FEATURE: Julia Bell

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I live in West Yorkshire, although I’ve also lived in various parts of England. I have two children and five grandchildren. My various jobs have included working as a qualified nurse and I have also worked as a civil servant in the Prison Service. When my children were young I successfully completed an Open University B.A. degree studying psychology and sociology. I was a member of the Romantic Novelists’ Association for four years and I’m now a member of ALLi (the Alliance of Independent Authors). As well as writing I love country walks and travelling abroad (I adore bus stations, railway stations, airports and ferry ports – any place where people are on the move).

Excerpt from Songbird (The Songbird Story, Book 1)

I wandered slowly round the paintings and portraits, studying each one.  And then I came to a huge canvas and my heart nearly leapt out of my chest.  It depicted the scene at a pit-head after a disaster, when a rescue was in progress.  I glanced round the gallery and saw that two rows of chairs had been placed back-to-back in the middle of the room and I made myself comfortable.  I scrutinised the painting.  It was a bleak portrayal but so accurate.  I could see the grime of the area, the large wheel, the wheelhouse and the buildings associated with a mine.  A large group of figures surrounded the pit-head, the faces of the women pensive and strained, one girl clinging onto another, her hand over her mouth in horror.  The men looked determined as they stood outside the lift, waiting to enter and be taken down to see what they could do.  Their Davy lamps seemed to be the only bright part of the painting, small pinpoints of light in an otherwise dark and gloomy canvas.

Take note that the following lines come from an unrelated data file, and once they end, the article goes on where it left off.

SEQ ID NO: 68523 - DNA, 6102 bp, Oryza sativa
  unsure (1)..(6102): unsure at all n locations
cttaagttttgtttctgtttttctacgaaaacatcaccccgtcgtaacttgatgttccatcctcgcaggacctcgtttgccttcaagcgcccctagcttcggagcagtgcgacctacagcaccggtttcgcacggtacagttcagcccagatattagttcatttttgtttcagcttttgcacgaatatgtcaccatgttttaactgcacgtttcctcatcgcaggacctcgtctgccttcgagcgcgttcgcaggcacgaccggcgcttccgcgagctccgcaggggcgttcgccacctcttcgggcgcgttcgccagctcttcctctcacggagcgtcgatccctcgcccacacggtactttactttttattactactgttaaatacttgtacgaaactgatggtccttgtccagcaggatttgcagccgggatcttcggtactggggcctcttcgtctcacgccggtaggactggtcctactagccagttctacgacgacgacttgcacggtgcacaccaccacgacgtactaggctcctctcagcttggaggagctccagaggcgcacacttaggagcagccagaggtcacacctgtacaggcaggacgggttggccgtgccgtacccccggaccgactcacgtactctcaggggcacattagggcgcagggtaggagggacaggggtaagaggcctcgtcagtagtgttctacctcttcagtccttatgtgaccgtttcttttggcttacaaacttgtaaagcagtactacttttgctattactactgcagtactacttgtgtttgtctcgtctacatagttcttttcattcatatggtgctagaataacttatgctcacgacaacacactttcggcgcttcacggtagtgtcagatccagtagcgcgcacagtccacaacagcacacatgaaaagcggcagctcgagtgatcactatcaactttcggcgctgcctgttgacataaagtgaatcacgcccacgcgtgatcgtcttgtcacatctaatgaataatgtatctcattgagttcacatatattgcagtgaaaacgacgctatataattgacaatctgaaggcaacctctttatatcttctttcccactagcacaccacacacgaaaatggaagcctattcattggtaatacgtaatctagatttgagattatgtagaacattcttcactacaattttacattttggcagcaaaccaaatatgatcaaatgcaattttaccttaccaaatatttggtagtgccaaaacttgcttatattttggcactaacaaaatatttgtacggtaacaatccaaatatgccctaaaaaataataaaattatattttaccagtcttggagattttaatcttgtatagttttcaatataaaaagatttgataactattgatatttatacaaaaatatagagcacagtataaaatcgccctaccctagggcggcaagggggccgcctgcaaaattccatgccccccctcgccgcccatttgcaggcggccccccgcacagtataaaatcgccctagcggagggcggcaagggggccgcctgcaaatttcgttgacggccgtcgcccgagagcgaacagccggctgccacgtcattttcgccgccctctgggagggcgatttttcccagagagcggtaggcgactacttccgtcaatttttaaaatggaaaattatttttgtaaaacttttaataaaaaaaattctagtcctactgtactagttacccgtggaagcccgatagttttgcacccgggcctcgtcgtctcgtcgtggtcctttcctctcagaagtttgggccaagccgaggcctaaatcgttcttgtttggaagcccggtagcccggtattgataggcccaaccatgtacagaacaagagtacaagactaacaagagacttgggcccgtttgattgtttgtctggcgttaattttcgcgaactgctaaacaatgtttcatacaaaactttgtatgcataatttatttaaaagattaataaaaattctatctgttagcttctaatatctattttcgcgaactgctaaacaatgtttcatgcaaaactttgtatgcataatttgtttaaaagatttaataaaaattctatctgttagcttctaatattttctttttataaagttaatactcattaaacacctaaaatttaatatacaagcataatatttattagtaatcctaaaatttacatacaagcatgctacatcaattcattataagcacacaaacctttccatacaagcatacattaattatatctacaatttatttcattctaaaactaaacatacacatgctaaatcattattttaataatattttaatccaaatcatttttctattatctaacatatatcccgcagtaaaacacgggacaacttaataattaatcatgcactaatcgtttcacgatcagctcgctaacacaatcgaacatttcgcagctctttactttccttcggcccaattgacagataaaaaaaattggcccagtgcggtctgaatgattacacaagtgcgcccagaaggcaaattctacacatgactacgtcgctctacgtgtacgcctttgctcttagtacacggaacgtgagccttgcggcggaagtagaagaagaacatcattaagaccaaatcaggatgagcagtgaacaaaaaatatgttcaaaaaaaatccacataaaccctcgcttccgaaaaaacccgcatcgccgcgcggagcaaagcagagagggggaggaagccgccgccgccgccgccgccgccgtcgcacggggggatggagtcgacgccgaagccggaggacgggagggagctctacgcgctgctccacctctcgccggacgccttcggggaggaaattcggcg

“Which painting do you prefer, then?”  His voice from behind me made me start.

I turned my head and gasped with surprise.  “What are you doing here?”

He shrugged.  “It’s a public building.”

“Have you been following me?”

“I saw you running into the gallery and decided I would like to get out of the rain too.”

“I don’t think we should be talking.  Aren’t you worried about your reputation.”

I knew he was smiling.  “I’ve met a lovely young lady in the art gallery and I’m discussing the merits of the paintings on display.  Now what’s the problem with that?”

“I think you’re breaking the rules.”

“Rules are meant to be broken.”  To my utter amazement he stood and walked round to sit next to me.  He was dressed in a warm coat and carried his hat and gloves in his hand.  And then I remembered my wedding ring.  I quickly glanced down and realised I still had my gloves on.  I breathed a sigh of relief and my gaze swept round the gallery.  We were quite alone.  “What have you got there?” he asked, indicating the brown parcel on my lap.

“Just a birthday gift.”

“For whom?”

I smiled mischievously.  “Can’t say.”

“Well, it can’t be for me.  My birthday’s not until…So, what are you looking at?”

“This one,” I said, gesturing to the large canvas in front of us.